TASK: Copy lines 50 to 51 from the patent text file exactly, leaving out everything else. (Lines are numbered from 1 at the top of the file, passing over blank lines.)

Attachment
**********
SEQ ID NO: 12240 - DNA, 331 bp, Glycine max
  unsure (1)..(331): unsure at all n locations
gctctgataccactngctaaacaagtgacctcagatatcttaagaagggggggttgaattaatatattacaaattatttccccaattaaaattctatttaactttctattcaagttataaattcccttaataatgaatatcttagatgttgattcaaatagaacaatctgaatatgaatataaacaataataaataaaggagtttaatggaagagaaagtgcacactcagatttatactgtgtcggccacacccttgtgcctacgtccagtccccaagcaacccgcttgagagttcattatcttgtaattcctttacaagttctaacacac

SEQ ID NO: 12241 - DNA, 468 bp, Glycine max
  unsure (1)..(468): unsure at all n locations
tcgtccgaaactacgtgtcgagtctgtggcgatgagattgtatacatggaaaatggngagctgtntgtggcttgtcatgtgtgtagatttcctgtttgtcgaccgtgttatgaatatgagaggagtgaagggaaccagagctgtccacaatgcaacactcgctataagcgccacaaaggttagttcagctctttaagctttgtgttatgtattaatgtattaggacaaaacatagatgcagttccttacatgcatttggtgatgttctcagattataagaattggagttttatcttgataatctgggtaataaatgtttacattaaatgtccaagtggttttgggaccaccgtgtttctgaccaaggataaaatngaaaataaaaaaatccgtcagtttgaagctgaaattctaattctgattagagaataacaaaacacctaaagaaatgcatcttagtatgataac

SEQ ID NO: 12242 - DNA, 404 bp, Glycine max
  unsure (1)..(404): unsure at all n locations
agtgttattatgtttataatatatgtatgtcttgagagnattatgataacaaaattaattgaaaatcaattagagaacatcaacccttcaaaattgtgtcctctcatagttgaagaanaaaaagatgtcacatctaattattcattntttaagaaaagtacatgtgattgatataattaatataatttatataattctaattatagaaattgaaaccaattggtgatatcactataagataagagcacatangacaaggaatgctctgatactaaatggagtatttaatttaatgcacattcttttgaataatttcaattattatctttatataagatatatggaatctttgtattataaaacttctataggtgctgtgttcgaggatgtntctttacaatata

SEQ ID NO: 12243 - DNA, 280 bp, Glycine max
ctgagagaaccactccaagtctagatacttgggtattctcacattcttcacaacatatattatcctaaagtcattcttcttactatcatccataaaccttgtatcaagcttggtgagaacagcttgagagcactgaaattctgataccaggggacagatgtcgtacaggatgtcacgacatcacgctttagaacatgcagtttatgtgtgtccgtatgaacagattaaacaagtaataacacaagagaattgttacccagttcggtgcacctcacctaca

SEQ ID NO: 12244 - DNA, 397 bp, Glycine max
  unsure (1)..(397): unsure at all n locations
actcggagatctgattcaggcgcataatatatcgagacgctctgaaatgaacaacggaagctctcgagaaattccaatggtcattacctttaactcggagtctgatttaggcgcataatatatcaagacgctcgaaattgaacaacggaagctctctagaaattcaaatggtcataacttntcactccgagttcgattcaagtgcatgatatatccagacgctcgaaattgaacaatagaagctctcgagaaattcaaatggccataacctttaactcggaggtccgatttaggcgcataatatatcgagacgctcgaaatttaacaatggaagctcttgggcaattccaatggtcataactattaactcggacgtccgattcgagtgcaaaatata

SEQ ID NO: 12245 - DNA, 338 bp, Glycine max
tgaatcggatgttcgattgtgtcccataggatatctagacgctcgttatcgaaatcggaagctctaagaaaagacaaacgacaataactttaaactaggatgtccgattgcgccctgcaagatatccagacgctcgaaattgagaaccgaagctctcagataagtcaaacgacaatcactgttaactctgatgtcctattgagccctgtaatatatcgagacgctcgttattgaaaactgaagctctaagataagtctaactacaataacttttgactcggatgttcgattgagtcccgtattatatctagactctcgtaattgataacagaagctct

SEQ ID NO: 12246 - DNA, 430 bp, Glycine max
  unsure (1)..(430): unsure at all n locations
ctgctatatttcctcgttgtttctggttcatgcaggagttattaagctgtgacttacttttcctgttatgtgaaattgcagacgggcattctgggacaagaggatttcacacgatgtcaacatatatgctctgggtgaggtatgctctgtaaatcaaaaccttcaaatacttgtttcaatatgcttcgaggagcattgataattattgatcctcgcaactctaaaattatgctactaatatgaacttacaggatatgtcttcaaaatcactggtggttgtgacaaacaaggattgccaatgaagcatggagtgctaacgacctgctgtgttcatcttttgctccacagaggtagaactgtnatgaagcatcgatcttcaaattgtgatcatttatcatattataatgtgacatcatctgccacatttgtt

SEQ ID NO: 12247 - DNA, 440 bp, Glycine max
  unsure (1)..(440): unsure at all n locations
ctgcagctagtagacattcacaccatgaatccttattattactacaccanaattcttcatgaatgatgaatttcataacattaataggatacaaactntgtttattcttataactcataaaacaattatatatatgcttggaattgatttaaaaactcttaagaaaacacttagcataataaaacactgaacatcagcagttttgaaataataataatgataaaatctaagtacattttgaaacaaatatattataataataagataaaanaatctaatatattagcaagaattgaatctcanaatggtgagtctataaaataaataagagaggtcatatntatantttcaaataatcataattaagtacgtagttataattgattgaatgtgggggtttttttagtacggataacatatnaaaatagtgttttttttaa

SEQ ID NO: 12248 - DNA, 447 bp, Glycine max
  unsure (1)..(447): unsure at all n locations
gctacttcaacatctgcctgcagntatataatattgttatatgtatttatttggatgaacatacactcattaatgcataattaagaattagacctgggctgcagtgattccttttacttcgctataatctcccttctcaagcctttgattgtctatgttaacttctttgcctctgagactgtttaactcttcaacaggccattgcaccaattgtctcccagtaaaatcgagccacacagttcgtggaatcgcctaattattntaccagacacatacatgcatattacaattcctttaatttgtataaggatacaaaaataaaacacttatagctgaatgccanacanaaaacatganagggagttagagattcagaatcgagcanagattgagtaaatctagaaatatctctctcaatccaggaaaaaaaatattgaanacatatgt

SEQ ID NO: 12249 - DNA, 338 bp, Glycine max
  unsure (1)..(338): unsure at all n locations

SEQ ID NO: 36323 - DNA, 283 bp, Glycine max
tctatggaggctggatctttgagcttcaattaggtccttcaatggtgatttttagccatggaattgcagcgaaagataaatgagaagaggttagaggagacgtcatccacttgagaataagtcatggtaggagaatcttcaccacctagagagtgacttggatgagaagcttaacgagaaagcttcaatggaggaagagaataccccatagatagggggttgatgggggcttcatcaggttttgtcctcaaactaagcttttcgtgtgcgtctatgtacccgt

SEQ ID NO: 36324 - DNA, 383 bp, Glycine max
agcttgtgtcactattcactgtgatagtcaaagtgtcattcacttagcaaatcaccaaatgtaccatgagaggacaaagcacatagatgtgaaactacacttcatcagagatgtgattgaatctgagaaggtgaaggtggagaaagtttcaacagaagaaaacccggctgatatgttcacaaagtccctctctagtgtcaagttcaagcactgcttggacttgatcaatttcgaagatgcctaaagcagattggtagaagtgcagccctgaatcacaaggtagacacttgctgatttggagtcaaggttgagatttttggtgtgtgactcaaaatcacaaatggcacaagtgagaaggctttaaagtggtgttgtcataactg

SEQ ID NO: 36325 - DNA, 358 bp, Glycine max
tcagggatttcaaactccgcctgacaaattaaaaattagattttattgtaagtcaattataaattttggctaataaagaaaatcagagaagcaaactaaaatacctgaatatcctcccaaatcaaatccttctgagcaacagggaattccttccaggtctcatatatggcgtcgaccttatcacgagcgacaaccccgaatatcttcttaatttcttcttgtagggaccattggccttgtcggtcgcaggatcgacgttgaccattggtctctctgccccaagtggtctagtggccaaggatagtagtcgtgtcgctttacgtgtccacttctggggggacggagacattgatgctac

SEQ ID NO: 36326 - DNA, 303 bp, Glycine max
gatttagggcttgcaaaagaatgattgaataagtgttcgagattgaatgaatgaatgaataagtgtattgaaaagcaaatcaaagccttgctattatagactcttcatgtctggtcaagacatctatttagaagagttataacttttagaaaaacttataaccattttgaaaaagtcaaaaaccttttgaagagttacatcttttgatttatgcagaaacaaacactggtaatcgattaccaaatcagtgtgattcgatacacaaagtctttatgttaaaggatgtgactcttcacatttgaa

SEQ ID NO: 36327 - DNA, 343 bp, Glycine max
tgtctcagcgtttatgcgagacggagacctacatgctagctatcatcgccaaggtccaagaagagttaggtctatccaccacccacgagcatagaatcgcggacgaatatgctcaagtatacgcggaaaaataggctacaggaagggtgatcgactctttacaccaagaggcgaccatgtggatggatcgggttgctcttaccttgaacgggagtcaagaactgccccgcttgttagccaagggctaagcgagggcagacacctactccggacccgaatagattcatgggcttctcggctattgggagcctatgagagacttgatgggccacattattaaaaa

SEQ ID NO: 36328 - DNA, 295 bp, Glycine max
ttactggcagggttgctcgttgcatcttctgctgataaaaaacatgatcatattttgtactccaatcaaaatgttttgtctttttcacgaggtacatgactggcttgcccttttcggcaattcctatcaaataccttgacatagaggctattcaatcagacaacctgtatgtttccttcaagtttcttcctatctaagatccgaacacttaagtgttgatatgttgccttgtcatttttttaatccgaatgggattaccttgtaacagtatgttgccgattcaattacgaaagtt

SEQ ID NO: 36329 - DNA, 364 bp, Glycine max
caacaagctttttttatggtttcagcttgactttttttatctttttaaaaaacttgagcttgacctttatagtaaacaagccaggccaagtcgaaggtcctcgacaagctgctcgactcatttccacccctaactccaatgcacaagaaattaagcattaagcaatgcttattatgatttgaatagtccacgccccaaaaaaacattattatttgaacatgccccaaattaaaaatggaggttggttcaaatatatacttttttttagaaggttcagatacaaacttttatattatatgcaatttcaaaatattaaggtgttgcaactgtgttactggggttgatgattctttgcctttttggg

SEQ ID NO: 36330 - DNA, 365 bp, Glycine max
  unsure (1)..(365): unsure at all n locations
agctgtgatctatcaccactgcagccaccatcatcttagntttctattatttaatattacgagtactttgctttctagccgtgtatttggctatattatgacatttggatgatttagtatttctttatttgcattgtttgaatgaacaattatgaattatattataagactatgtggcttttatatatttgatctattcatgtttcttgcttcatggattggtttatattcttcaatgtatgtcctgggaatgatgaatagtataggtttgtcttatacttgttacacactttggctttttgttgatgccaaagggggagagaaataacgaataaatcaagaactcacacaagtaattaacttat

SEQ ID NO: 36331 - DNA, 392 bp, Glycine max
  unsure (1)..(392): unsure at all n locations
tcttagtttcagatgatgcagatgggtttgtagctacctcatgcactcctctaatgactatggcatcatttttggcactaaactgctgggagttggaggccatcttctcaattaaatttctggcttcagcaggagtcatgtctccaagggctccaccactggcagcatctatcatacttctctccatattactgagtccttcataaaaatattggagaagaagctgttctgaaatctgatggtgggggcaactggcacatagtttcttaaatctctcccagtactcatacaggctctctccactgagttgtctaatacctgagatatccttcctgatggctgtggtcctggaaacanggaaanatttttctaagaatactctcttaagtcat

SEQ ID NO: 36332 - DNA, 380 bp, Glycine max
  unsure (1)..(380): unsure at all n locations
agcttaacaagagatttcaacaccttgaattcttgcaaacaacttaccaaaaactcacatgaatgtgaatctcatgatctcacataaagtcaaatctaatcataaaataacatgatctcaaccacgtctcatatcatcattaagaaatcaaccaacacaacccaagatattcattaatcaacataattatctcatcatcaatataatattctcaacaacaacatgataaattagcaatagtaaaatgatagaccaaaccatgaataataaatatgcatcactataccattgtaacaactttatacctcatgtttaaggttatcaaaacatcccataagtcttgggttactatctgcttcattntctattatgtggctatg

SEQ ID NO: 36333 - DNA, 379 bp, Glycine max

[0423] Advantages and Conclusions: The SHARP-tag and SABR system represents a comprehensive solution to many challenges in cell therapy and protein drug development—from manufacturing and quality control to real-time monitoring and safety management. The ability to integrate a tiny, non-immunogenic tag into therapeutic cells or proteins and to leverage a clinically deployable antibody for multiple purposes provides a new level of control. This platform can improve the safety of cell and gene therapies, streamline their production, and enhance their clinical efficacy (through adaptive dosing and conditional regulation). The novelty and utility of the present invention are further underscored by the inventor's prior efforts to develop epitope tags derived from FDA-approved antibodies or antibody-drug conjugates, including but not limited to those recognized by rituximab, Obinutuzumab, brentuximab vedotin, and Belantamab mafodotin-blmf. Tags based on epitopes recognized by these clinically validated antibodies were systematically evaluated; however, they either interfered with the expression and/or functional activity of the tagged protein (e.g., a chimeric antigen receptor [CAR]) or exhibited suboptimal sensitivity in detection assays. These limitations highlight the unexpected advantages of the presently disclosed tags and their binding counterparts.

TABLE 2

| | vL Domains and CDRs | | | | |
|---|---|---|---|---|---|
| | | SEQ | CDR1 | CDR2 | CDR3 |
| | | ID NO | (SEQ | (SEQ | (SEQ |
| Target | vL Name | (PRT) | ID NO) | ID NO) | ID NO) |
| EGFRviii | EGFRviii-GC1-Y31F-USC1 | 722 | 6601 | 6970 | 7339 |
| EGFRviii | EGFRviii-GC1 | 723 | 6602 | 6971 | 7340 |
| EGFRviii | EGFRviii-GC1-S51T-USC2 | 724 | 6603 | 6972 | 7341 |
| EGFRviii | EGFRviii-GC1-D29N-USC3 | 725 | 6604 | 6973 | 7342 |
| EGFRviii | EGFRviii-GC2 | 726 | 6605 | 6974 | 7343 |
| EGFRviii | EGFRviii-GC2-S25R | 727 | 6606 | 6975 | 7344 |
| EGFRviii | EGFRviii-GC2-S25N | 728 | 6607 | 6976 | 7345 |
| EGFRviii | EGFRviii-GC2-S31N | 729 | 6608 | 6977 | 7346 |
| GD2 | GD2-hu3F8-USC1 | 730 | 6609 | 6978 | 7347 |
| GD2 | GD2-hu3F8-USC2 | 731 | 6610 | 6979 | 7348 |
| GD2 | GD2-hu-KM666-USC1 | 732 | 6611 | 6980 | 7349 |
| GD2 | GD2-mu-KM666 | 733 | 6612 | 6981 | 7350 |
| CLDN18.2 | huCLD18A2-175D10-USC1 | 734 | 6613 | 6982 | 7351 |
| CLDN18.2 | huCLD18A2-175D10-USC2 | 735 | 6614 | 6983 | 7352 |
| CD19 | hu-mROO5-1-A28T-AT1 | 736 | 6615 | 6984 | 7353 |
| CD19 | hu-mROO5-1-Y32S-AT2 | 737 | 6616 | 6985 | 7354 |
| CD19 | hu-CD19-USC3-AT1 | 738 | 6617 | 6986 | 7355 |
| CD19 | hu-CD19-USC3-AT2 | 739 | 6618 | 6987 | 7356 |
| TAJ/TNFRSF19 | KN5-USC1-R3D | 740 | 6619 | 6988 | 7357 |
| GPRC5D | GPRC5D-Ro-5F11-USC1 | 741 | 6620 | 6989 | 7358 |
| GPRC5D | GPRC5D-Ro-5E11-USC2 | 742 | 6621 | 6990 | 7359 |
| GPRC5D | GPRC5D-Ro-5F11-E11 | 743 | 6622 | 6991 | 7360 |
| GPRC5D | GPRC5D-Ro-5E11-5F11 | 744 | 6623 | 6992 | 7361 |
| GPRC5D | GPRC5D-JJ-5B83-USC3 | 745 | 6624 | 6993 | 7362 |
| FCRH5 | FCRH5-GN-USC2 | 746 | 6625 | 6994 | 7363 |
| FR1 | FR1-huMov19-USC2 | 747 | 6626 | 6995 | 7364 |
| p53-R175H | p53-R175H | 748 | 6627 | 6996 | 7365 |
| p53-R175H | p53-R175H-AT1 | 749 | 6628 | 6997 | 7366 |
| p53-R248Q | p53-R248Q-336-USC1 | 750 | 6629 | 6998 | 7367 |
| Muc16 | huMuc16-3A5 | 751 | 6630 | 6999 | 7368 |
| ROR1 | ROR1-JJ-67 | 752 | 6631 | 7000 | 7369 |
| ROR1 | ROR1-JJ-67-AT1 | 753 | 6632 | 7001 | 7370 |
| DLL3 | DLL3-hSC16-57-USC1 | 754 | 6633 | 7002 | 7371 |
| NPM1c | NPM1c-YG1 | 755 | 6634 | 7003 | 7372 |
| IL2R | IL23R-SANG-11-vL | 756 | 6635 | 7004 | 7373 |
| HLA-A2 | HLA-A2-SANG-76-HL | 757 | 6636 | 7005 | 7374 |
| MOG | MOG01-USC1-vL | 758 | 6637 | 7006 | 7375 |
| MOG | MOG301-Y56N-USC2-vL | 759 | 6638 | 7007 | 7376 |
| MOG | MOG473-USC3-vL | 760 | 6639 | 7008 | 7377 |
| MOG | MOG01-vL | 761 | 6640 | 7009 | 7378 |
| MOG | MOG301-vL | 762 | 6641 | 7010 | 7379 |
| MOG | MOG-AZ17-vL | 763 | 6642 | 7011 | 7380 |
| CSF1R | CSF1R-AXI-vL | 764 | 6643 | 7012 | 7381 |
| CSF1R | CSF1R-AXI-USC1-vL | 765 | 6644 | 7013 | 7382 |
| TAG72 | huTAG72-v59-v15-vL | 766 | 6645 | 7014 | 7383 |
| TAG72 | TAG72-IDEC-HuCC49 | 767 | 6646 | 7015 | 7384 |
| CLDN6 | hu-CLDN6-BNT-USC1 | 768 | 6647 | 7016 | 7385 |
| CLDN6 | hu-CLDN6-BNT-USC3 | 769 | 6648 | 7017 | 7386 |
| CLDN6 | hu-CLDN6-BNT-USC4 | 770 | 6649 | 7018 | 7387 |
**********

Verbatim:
agcttaacaagagatttcaacaccttgaattcttgcaaacaacttaccaaaaactcacatgaatgtgaatctcatgatctcacataaagtcaaatctaatcataaaataacatgatctcaaccacgtctcatatcatcattaagaaatcaaccaacacaacccaagatattcattaatcaacataattatctcatcatcaatataatattctcaacaacaacatgataaattagcaatagtaaaatgatagaccaaaccatgaataataaatatgcatcactataccattgtaacaactttatacctcatgtttaaggttatcaaaacatcccataagtcttgggttactatctgcttcattntctattatgtggctatg

SEQ ID NO: 36333 - DNA, 379 bp, Glycine max